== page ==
At our last Professional Consultants Association meeting, John Hunt, one of our members, led us through a roundtable discussion on the topic of mentoring. It was an interesting topic and quite a few of our members had the opportunity to share their thoughts on it.
John began the conversation by talking about his personal board of directors. This is his list of 10 people, including his father, who he goes to when he needs either advice or someone to run a few ideas through. It's a great concept because most consultants work on their own and, except for groups like PCA, don't always have people who they can talk to about business issues. Unlike working at a traditional job, there is no water cooler moment. A few members thought this was a pretty good idea.
One of our members talked about being mentored on the art of sales via recommendation by David Sandler, the creator of the Sandler System, and how it's helped his business throughout the years. Another member talked about trouble he had in getting other consultants to talk to him, even though none of them were in the same business he was, and how he now steps into the mentor role for anyone who's new to the concept of working for themselves, offering any advice he can locally for the cost of a lunch or having a phone or video conference conversation for those who don't live in the area.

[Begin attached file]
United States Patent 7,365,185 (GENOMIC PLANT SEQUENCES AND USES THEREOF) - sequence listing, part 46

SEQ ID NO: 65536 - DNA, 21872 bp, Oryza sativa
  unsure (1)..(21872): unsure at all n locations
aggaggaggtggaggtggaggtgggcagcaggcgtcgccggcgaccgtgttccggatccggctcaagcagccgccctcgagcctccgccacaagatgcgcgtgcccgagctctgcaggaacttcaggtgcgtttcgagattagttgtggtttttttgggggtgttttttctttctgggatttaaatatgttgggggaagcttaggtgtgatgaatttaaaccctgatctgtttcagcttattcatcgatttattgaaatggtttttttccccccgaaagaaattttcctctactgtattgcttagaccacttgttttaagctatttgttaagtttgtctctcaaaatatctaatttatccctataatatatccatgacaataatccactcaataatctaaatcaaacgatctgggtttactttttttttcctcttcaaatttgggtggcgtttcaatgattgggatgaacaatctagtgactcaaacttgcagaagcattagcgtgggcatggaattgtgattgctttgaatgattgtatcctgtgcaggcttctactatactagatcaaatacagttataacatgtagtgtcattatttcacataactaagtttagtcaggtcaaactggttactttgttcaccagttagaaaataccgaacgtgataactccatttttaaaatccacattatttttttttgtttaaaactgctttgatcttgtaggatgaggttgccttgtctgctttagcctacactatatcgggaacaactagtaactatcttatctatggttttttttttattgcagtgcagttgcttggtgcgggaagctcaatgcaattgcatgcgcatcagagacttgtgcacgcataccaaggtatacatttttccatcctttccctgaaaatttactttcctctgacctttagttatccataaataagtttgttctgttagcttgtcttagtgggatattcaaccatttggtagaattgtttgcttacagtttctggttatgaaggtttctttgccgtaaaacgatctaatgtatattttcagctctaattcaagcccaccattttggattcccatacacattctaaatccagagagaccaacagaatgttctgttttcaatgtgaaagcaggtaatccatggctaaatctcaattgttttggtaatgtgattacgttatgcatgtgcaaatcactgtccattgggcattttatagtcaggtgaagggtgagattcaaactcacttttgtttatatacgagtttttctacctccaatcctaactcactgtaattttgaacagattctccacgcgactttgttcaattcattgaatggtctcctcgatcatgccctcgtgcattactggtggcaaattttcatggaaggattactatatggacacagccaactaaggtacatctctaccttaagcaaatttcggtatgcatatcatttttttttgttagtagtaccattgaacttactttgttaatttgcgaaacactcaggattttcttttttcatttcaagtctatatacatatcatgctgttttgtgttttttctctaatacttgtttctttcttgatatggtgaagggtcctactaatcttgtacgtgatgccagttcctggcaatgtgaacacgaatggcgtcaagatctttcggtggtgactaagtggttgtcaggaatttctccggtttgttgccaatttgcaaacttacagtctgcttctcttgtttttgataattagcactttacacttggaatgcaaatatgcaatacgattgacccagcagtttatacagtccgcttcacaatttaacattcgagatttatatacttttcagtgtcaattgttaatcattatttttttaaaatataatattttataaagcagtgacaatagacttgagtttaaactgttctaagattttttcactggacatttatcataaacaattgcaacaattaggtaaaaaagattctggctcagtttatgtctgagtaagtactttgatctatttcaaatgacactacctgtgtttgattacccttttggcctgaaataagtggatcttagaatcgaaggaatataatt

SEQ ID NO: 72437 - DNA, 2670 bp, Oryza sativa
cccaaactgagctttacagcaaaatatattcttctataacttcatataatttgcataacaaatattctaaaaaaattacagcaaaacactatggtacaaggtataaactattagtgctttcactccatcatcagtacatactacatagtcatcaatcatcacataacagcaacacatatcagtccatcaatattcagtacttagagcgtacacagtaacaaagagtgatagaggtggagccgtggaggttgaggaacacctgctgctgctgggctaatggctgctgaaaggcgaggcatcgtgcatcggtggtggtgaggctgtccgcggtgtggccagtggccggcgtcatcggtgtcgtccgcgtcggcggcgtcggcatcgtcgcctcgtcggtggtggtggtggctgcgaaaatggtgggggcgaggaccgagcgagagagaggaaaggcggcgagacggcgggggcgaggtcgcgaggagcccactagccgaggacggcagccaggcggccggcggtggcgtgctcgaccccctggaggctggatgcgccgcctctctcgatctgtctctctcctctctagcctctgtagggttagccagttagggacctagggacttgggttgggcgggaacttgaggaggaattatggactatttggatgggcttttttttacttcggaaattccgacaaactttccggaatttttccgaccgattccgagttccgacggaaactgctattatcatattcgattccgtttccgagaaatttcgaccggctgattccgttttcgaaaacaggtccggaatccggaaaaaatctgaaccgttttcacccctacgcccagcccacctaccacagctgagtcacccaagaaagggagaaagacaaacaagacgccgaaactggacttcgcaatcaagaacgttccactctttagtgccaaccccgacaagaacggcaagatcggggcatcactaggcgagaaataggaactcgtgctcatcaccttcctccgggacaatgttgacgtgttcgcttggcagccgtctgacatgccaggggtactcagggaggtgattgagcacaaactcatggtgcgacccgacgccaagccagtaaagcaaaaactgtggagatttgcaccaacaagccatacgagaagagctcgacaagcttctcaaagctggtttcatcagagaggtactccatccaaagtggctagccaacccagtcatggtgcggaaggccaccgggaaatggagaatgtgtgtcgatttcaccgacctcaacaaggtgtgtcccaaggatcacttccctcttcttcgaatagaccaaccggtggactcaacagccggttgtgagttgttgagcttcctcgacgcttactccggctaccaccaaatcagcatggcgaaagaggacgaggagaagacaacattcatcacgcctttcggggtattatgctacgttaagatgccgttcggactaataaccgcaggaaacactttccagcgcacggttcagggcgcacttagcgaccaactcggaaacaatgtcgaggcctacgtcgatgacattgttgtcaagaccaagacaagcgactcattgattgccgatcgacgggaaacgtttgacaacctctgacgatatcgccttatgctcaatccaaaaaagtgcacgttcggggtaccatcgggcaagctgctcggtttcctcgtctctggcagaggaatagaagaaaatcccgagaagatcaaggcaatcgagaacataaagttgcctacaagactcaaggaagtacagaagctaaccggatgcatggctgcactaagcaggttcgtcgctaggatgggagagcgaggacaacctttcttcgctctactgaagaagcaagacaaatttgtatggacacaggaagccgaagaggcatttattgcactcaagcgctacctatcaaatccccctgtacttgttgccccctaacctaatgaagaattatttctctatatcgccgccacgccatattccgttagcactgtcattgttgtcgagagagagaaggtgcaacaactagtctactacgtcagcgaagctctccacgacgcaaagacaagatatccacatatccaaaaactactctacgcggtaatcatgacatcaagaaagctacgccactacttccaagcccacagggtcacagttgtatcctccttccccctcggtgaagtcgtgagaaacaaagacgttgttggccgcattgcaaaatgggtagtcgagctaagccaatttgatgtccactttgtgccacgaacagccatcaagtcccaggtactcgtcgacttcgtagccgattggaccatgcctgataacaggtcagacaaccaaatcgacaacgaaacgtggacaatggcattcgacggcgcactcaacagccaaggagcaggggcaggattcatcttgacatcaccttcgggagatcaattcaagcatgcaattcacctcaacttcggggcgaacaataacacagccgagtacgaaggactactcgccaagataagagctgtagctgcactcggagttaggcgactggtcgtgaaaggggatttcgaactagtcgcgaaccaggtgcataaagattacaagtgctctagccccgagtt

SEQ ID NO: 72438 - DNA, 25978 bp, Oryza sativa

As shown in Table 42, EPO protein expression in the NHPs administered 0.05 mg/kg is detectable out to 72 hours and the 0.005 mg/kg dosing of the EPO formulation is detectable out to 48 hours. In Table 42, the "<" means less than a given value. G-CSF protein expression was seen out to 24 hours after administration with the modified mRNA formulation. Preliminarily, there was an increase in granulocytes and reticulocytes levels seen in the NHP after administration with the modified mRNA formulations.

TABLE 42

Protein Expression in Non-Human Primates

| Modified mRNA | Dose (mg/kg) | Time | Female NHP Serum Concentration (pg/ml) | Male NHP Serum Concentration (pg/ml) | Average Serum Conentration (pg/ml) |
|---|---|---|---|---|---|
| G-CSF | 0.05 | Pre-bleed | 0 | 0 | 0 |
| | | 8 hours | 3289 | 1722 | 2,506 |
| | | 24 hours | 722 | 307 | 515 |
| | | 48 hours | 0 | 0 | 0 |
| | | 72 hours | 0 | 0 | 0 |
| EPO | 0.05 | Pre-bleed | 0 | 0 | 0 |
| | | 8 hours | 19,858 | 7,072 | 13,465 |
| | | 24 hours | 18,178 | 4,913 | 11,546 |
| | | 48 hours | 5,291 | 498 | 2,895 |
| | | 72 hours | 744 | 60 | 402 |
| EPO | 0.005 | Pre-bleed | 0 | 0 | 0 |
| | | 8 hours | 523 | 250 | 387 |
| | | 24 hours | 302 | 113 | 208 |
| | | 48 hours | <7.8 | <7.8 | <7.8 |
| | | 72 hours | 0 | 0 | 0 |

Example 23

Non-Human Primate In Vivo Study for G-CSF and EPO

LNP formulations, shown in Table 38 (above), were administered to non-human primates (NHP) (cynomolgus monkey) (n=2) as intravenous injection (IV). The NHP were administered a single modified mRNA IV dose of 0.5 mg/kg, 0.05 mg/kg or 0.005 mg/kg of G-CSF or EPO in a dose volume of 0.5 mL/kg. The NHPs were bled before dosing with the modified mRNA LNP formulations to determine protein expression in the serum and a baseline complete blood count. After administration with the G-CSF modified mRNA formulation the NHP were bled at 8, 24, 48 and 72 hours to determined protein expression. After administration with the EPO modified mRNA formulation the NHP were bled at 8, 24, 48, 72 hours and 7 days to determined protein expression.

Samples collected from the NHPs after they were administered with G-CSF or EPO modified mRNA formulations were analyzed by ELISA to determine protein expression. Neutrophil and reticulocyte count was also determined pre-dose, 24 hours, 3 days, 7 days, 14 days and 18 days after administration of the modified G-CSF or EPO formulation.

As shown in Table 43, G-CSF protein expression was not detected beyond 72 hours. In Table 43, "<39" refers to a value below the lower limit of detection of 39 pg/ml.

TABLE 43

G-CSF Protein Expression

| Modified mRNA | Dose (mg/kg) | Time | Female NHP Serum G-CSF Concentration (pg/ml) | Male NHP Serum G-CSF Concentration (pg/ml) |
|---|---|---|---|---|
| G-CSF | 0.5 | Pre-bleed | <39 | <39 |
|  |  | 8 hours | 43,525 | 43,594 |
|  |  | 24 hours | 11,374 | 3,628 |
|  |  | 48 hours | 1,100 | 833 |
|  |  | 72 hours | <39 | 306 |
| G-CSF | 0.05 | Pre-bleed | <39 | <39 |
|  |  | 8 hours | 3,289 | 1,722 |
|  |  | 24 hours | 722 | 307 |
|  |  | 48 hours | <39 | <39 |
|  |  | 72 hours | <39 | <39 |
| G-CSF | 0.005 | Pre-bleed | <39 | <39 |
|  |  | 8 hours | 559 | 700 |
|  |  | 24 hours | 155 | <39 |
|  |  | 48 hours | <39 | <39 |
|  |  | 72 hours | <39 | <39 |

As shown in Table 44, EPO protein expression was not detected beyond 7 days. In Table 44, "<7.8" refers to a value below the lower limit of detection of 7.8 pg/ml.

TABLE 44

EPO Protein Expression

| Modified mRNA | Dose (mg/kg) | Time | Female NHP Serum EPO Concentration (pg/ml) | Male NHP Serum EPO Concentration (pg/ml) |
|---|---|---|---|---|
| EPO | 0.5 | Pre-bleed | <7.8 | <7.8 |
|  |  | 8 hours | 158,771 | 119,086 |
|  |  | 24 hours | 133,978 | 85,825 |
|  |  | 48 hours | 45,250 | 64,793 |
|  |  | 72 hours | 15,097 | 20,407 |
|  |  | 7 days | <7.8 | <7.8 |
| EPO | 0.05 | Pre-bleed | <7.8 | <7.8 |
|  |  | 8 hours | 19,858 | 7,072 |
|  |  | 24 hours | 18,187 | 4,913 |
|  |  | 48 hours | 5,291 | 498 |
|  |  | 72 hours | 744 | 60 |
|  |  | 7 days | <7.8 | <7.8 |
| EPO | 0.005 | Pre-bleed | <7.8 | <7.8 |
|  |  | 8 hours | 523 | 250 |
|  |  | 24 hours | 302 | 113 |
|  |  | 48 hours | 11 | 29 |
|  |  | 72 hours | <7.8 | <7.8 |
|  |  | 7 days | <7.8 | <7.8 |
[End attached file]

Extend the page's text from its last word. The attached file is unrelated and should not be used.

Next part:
The intriguing thing about mentoring is how varied it can be depending on the person mentoring, the person accepting, and the type of mentoring that's needed. It can be viewed in this ways:
* Mentoring can be specific to the business a person is in. If someone with experience doesn't mind giving advice on how things should go, without being worried about competition, that can be very beneficial to an open mind.
* Mentoring can be more general, such as the types of things a person newly self employed might need to think about and should be ready to ignore; after all, many new consultants come into the practice needing to learn how to drop a lot of habits they partook of at their last job.
* Mentoring can be culture changing. For instance, if it's a company full of consultants, making the decision to not only diversify but groom women and minorities so they will be taken seriously when promotion time comes around is an important step towards equality and fairness. It deomnstrates an acknowledgment that a diverse company means more ideas from different points of view and the potential for greater company growth.
Mentoring works best when the mentor and mentee also understand when not to cross the line, and how to be specific in needs. Some people chafe at advice on things they feel they already know. Others chafe when they ask a question that's so general that they're not getting what they need.
Finally, consultants sometimes have to think of themselves as mentors when they're working with clients. Often there's training or information that needs to be passed along so the client can succeed when the consultant leaves. If it's a long term contract, there might be a lot of training involved. If a consultant is willing to act more as a mentor than just a teacher, create a bond rather than a separation, it could end up being more beneficial and rewarding on both sides.
What are your thoughts on mentoring or being mentored? Do you have a story about someone you mentored, or someone who gave you some of their time and advice or helped you along the way?
Every once in a while mentees want specific, step by step advice in an effort to copy what the mentor has done. In those instances it's more like a teacher/student relationship, and mentors might be reluctant to spend that kind of time with someone when they have other things to do.